Digital loans are proving useful to Kenyan farmers as they gradually warm up to various avenues to secure credit, including banks, SACCOs, informal lenders, and government initiatives like the Hustler Fund. These financial resources play a vital role in procuring farm equipment, seeds, fertilizer, pesticides, and covering labour expenses, a new survey finds.

How Digital Loans are Uplifting Kenyan Farmers

Credit access is pivotal for Kenyan farmers, particularly given the steep costs associated with agricultural inputs, notably fertilizer, seeds, and pesticides. To address this challenge, the Kenyan government introduced the Hustler Fund in 2022, aiming to provide credit on favourable terms to households facing constraints.

A previous survey by the Central Bank of Kenya (CBK) conducted in November 2023 revealed that the Hustler Fund facilitated credit access for up to 10% of surveyed farmers. This credit empowered farmers to acquire inputs and meet labor costs.

The latest CBK survey indicates a surge in loan uptake among farmers in March 2024 compared to January 2024, reports Techweez, aligning with the preparation phase for planting during the long rainy season from March to May.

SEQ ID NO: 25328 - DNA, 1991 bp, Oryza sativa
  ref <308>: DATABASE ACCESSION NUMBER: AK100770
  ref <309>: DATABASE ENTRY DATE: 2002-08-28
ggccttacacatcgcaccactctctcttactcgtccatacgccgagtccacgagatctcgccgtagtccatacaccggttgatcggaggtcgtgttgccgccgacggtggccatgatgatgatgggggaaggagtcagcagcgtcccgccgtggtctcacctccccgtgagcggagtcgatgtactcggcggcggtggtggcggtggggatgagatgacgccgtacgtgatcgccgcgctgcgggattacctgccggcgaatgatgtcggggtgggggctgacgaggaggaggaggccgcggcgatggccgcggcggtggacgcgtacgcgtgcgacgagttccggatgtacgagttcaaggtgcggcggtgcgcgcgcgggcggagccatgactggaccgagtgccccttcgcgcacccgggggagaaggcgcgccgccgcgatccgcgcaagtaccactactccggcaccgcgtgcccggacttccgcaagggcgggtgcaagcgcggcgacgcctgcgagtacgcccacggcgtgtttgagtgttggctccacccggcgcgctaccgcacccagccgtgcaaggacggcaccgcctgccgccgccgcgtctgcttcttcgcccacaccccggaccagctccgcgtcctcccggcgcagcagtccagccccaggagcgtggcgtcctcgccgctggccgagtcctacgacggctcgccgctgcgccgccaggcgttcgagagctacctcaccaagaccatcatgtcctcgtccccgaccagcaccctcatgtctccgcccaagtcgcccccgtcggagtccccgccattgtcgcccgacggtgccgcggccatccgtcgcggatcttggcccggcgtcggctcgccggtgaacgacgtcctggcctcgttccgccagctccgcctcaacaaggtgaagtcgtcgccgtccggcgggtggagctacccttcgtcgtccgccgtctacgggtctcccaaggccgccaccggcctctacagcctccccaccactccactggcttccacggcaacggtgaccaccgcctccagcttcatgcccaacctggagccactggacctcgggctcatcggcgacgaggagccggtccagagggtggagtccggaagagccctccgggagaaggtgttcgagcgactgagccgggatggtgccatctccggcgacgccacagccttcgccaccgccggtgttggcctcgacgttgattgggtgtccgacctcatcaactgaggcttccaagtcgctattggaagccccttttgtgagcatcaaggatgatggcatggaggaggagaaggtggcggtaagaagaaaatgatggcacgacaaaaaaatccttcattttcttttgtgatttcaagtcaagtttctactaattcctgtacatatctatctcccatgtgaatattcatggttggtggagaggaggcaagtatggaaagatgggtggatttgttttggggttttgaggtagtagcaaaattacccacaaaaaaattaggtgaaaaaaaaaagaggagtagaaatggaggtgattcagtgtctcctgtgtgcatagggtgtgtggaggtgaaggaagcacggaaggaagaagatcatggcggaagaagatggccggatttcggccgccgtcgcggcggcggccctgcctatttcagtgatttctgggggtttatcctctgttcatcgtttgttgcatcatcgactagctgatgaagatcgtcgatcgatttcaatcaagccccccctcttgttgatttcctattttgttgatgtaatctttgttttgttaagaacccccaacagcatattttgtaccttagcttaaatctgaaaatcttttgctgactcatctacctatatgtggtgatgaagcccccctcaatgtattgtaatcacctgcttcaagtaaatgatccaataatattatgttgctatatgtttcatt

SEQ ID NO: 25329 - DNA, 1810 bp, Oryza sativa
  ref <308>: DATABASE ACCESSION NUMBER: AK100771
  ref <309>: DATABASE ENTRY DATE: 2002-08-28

Farmers predominantly rely on bank loans and digital credit platforms in the formal sector. Notably, the utilisation of digital loans, including services like M-Pesa, KCB, and Fuliza, witnessed a significant uptick, growing by 24% to encompass 31% of surveyed farmers over the last three months.

Concurrently, the proportion of farmers resorting to bank loans rose from 32% in January to 41% in March. However, the uptake of the Hustler Fund credit facility remained modest, with only 6% of farmers leveraging it. This trend suggests that the facility lacks popularity among farmers, possibly due to its inadequacy in meeting commercial needs, as highlighted in prior surveys.

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Despite the pressing need for financial resources, many farmers exhibit reluctance towards loan acquisition, citing concerns over high interest rates and the risk of asset loss through auction in case of default. Moreover, apprehensions regarding erratic rainfall patterns deter some farmers, fearing repayment challenges in the event of crop failure.

For farmers employing irrigation, the unpredictability of crop prices and income volatility, even amidst favourable harvests, discourage loan uptake. Additionally, irrigation farmers, particularly those leasing land, face hurdles in accessing loans due to insufficient collateral.

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